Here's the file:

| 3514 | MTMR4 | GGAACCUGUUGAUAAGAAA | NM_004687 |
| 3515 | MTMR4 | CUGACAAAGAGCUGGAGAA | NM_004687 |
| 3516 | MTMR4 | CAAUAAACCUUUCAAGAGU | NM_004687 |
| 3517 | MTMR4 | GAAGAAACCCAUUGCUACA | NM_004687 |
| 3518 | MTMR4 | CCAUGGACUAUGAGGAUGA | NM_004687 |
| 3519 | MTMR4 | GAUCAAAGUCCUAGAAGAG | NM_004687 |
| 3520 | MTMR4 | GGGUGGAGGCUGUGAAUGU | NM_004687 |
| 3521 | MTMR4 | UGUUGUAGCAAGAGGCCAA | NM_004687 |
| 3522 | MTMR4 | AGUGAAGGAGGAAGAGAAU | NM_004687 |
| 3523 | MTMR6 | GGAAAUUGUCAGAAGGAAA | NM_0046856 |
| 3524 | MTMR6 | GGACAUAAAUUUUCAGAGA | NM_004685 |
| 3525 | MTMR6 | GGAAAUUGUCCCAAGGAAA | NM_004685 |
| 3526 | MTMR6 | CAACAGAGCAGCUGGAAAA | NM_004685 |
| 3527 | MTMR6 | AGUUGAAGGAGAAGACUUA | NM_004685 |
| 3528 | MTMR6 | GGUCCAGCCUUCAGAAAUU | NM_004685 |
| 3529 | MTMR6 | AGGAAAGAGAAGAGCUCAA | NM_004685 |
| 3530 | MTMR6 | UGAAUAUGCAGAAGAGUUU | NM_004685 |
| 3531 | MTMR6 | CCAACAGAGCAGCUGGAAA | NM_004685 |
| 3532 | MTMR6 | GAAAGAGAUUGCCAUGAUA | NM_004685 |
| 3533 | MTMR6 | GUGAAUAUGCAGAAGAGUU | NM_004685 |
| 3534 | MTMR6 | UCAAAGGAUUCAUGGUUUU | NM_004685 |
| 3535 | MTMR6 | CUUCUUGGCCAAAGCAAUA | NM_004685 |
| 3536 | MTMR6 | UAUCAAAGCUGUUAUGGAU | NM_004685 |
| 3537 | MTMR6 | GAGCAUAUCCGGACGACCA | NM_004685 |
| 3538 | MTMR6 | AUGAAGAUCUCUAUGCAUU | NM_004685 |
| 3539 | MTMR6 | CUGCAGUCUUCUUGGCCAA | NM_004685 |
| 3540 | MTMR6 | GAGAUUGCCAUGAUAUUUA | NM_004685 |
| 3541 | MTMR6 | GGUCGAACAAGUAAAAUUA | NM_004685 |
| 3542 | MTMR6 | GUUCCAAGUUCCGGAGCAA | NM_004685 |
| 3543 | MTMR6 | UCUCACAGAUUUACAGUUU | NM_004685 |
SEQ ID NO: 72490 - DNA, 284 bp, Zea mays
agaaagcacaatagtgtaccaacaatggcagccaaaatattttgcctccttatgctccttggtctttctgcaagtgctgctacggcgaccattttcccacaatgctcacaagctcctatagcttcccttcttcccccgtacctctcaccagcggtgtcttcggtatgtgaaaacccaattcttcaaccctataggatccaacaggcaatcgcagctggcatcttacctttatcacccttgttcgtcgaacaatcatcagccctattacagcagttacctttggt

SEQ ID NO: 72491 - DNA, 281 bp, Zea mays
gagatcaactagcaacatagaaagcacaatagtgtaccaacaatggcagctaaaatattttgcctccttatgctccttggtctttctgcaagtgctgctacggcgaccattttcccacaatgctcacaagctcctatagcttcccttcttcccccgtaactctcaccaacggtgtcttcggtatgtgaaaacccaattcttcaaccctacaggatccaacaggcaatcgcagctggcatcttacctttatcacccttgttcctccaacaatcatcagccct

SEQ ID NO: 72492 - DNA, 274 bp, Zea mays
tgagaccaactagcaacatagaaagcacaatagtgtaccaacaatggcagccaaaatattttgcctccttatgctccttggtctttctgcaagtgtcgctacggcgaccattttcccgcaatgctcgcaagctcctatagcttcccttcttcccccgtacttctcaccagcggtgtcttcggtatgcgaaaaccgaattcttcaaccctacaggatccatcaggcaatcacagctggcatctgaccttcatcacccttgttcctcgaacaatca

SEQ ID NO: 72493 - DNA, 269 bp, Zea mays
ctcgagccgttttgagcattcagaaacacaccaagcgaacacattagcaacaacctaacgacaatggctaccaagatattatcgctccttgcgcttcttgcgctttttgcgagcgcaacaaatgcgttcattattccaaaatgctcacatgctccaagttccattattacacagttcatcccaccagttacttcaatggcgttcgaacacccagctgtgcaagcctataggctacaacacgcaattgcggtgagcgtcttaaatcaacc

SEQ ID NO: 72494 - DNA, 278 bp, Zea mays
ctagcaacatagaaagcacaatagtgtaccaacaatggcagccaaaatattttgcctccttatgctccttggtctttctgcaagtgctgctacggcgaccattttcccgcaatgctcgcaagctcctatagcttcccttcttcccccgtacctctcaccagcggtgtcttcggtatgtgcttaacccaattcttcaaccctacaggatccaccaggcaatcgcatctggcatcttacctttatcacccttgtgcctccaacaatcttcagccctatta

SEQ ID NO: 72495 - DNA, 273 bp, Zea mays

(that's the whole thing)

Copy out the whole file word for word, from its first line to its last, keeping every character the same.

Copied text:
| 3514 | MTMR4 | GGAACCUGUUGAUAAGAAA | NM_004687 |
| 3515 | MTMR4 | CUGACAAAGAGCUGGAGAA | NM_004687 |
| 3516 | MTMR4 | CAAUAAACCUUUCAAGAGU | NM_004687 |
| 3517 | MTMR4 | GAAGAAACCCAUUGCUACA | NM_004687 |
| 3518 | MTMR4 | CCAUGGACUAUGAGGAUGA | NM_004687 |
| 3519 | MTMR4 | GAUCAAAGUCCUAGAAGAG | NM_004687 |
| 3520 | MTMR4 | GGGUGGAGGCUGUGAAUGU | NM_004687 |
| 3521 | MTMR4 | UGUUGUAGCAAGAGGCCAA | NM_004687 |
| 3522 | MTMR4 | AGUGAAGGAGGAAGAGAAU | NM_004687 |
| 3523 | MTMR6 | GGAAAUUGUCAGAAGGAAA | NM_0046856 |
| 3524 | MTMR6 | GGACAUAAAUUUUCAGAGA | NM_004685 |
| 3525 | MTMR6 | GGAAAUUGUCCCAAGGAAA | NM_004685 |
| 3526 | MTMR6 | CAACAGAGCAGCUGGAAAA | NM_004685 |
| 3527 | MTMR6 | AGUUGAAGGAGAAGACUUA | NM_004685 |
| 3528 | MTMR6 | GGUCCAGCCUUCAGAAAUU | NM_004685 |
| 3529 | MTMR6 | AGGAAAGAGAAGAGCUCAA | NM_004685 |
| 3530 | MTMR6 | UGAAUAUGCAGAAGAGUUU | NM_004685 |
| 3531 | MTMR6 | CCAACAGAGCAGCUGGAAA | NM_004685 |
| 3532 | MTMR6 | GAAAGAGAUUGCCAUGAUA | NM_004685 |
| 3533 | MTMR6 | GUGAAUAUGCAGAAGAGUU | NM_004685 |
| 3534 | MTMR6 | UCAAAGGAUUCAUGGUUUU | NM_004685 |
| 3535 | MTMR6 | CUUCUUGGCCAAAGCAAUA | NM_004685 |
| 3536 | MTMR6 | UAUCAAAGCUGUUAUGGAU | NM_004685 |
| 3537 | MTMR6 | GAGCAUAUCCGGACGACCA | NM_004685 |
| 3538 | MTMR6 | AUGAAGAUCUCUAUGCAUU | NM_004685 |
| 3539 | MTMR6 | CUGCAGUCUUCUUGGCCAA | NM_004685 |
| 3540 | MTMR6 | GAGAUUGCCAUGAUAUUUA | NM_004685 |
| 3541 | MTMR6 | GGUCGAACAAGUAAAAUUA | NM_004685 |
| 3542 | MTMR6 | GUUCCAAGUUCCGGAGCAA | NM_004685 |
| 3543 | MTMR6 | UCUCACAGAUUUACAGUUU | NM_004685 |
SEQ ID NO: 72490 - DNA, 284 bp, Zea mays
agaaagcacaatagtgtaccaacaatggcagccaaaatattttgcctccttatgctccttggtctttctgcaagtgctgctacggcgaccattttcccacaatgctcacaagctcctatagcttcccttcttcccccgtacctctcaccagcggtgtcttcggtatgtgaaaacccaattcttcaaccctataggatccaacaggcaatcgcagctggcatcttacctttatcacccttgttcgtcgaacaatcatcagccctattacagcagttacctttggt

SEQ ID NO: 72491 - DNA, 281 bp, Zea mays
gagatcaactagcaacatagaaagcacaatagtgtaccaacaatggcagctaaaatattttgcctccttatgctccttggtctttctgcaagtgctgctacggcgaccattttcccacaatgctcacaagctcctatagcttcccttcttcccccgtaactctcaccaacggtgtcttcggtatgtgaaaacccaattcttcaaccctacaggatccaacaggcaatcgcagctggcatcttacctttatcacccttgttcctccaacaatcatcagccct

SEQ ID NO: 72492 - DNA, 274 bp, Zea mays
tgagaccaactagcaacatagaaagcacaatagtgtaccaacaatggcagccaaaatattttgcctccttatgctccttggtctttctgcaagtgtcgctacggcgaccattttcccgcaatgctcgcaagctcctatagcttcccttcttcccccgtacttctcaccagcggtgtcttcggtatgcgaaaaccgaattcttcaaccctacaggatccatcaggcaatcacagctggcatctgaccttcatcacccttgttcctcgaacaatca

SEQ ID NO: 72493 - DNA, 269 bp, Zea mays
ctcgagccgttttgagcattcagaaacacaccaagcgaacacattagcaacaacctaacgacaatggctaccaagatattatcgctccttgcgcttcttgcgctttttgcgagcgcaacaaatgcgttcattattccaaaatgctcacatgctccaagttccattattacacagttcatcccaccagttacttcaatggcgttcgaacacccagctgtgcaagcctataggctacaacacgcaattgcggtgagcgtcttaaatcaacc

SEQ ID NO: 72494 - DNA, 278 bp, Zea mays
ctagcaacatagaaagcacaatagtgtaccaacaatggcagccaaaatattttgcctccttatgctccttggtctttctgcaagtgctgctacggcgaccattttcccgcaatgctcgcaagctcctatagcttcccttcttcccccgtacctctcaccagcggtgtcttcggtatgtgcttaacccaattcttcaaccctacaggatccaccaggcaatcgcatctggcatcttacctttatcacccttgtgcctccaacaatcttcagccctatta

SEQ ID NO: 72495 - DNA, 273 bp, Zea mays